Hope. Many refugees have only the clothes that they are wearing and the hope that they will have the opportunity for a better life for their family. Della Lamb Refugee Resettlement Director Abdul Akbar told about his journey as a refugee who came to America, saying “my village in Somalia was attacked, our homes were burned, and many of my family and friends were killed.”
“I fled with the hope that I would survive and make it to a safe place,” he said. “On my walk to Kenya I hoped that I would find food and water to continue my trip.
“I hoped that I would not be eaten by a lion. I hoped that I would make it to Kenya and to a refugee camp, where I would be safe.
“I hoped that I would be one of the few who would be allowed to go to America to live a better life.”
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Abdul did make it to America and now devotes his life to helping refugees and other underprivileged succeed in Kansas City. The immigrants coming to live here only want what we all desire: a safe place to live, food on the table, an education for our kids and a job to be able to support our families.
As a volunteer and board member with Della Lamb, I have met and tutored many wonderful people who have come from all over the world to live in Kansas City. During a morning English class that I was leading, I asked an African woman how many children she had.
She said that she had 10, and five are still alive. I then asked her sister the same question and she said that she had 10 children, and three are still alive.
Hearing this I felt a pain in my chest and I had to fight back tears. I was momentarily speechless. I could not imagine the pain that these mothers had endured in their lives because of famine or war in their home country.
It made me thankful for having grown up in America and thankful that I am able to help these people in a small way to find a better life. I have tutored immigrants who are studying to take the test to become U.S. citizens.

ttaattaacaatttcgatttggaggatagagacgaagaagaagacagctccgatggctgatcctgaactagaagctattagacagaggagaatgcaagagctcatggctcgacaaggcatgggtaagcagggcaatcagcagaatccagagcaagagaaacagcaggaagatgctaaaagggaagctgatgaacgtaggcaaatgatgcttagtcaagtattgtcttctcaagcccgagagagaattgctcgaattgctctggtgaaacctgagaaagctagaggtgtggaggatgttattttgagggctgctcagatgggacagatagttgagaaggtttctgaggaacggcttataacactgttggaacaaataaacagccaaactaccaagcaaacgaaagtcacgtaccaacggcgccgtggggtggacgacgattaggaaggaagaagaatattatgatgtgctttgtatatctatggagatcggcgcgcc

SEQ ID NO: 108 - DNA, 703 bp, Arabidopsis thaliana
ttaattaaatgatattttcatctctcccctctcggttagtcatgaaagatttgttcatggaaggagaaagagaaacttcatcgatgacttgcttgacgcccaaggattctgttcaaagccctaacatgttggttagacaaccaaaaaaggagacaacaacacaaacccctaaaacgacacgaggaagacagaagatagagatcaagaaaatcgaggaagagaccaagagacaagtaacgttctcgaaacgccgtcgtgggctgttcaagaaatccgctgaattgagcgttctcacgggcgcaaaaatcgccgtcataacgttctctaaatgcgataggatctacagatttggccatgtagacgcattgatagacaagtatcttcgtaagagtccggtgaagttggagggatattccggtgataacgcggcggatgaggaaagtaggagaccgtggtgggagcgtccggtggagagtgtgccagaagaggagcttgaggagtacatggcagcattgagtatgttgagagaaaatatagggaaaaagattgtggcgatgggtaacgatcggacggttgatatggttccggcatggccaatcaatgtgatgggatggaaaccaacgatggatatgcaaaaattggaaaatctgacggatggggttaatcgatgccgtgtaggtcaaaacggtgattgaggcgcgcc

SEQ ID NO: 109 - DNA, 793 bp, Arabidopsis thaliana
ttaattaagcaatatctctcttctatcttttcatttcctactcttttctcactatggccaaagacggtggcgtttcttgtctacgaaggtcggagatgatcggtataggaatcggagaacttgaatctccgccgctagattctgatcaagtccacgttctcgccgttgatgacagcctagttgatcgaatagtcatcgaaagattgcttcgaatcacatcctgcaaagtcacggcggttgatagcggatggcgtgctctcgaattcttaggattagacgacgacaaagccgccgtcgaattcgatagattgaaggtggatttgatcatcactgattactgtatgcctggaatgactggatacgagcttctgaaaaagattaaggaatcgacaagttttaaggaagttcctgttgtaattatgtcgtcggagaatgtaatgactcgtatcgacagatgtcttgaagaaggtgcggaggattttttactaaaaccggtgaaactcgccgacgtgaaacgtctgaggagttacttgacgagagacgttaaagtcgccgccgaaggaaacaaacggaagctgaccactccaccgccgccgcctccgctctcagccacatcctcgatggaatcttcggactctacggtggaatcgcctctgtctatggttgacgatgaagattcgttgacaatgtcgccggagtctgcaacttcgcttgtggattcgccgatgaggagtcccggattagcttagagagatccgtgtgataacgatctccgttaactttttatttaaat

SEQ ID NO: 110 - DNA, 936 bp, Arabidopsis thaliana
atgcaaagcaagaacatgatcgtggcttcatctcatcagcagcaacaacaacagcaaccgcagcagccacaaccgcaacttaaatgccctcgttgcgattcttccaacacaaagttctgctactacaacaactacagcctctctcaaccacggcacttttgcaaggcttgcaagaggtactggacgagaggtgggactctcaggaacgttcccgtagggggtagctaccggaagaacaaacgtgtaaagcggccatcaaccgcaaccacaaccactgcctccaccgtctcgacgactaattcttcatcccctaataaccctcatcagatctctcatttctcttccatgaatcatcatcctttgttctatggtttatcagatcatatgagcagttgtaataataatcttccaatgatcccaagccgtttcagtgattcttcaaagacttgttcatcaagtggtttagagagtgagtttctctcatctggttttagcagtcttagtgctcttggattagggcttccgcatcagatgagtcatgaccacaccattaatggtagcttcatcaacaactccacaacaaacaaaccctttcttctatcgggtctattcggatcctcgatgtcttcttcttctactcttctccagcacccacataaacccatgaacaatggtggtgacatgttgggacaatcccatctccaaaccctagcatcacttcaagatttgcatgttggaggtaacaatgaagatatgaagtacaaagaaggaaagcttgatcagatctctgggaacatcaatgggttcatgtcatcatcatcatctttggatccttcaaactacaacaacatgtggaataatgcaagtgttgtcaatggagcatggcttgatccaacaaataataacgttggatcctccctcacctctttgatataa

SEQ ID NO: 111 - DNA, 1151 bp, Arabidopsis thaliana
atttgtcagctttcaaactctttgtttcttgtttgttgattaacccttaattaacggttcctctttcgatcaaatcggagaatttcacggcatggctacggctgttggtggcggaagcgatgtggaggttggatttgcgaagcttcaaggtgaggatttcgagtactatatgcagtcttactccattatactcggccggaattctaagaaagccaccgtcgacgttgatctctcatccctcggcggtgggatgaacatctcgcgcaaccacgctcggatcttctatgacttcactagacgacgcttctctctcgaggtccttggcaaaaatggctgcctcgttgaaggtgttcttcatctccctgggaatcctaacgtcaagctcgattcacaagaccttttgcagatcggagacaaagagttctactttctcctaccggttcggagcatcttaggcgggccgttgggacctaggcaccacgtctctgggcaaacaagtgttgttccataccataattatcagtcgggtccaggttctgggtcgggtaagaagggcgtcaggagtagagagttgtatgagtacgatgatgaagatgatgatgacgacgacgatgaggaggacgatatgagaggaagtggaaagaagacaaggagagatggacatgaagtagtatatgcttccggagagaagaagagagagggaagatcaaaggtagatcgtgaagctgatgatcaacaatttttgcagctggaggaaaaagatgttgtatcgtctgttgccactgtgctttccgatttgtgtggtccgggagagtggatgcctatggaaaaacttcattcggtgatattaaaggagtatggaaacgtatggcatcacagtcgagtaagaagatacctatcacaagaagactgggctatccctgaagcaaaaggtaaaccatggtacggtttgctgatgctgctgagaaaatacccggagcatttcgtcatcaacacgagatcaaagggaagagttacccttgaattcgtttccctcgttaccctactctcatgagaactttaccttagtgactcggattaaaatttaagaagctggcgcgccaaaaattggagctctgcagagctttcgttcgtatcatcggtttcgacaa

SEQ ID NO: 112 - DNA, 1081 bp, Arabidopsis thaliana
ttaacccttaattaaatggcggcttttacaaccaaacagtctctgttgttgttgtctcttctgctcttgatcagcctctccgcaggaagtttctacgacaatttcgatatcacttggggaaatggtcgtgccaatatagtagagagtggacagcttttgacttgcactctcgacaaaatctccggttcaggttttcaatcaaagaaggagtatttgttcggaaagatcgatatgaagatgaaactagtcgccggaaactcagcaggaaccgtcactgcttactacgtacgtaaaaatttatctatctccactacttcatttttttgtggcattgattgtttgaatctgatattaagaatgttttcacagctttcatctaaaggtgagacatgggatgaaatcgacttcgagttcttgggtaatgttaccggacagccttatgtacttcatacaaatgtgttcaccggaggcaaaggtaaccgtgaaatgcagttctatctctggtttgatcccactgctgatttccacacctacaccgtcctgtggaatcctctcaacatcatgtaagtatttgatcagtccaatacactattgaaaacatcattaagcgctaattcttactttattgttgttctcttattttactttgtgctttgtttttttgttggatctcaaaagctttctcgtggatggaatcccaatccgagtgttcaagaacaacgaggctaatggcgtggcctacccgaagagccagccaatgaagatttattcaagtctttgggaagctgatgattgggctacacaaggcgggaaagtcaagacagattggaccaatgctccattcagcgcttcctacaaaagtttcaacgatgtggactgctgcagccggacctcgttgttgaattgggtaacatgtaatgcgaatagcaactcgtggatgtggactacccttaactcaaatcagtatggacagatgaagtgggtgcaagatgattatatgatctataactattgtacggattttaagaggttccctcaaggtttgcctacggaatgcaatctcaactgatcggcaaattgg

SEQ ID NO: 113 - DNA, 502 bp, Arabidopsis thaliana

They must be able to read and write in English and be able to answer 100 questions about U.S. history and government. The evening classes were scheduled from 6-8 p.m.
One student who came regularly and worked hard on his studies always left 30 minutes early. I asked why. He said he had to leave for his job at a St. Joseph factory at 4:30 a.m.
This is an example of the strong desire these immigrants have to become a part of American society. Last month Della Lamb was asked to resettle a family who are the first Syrians to be brought to the United States by the State Department as a part of the plan to expedite 10,000 Syrian refugees in the next six months.
This family had fled the war in Syria and had lived as refugees in Jordan for three years. Della Lamb recently met them at Kansas City International Airport, settled them into a new home and served them a culturally appropriate hot meal that evening.
The family is eager to start learning English and about the American culture. The newcomers want to work toward achieving the American dream.
I hope Kansas City will welcome these immigrants with compassion and help them to succeed in their new country.
Hal Havens of Lenexa is chairman of the Della Lamb Community Services board. He is an architect with BRR Architecture and has two grown children and three grandsons.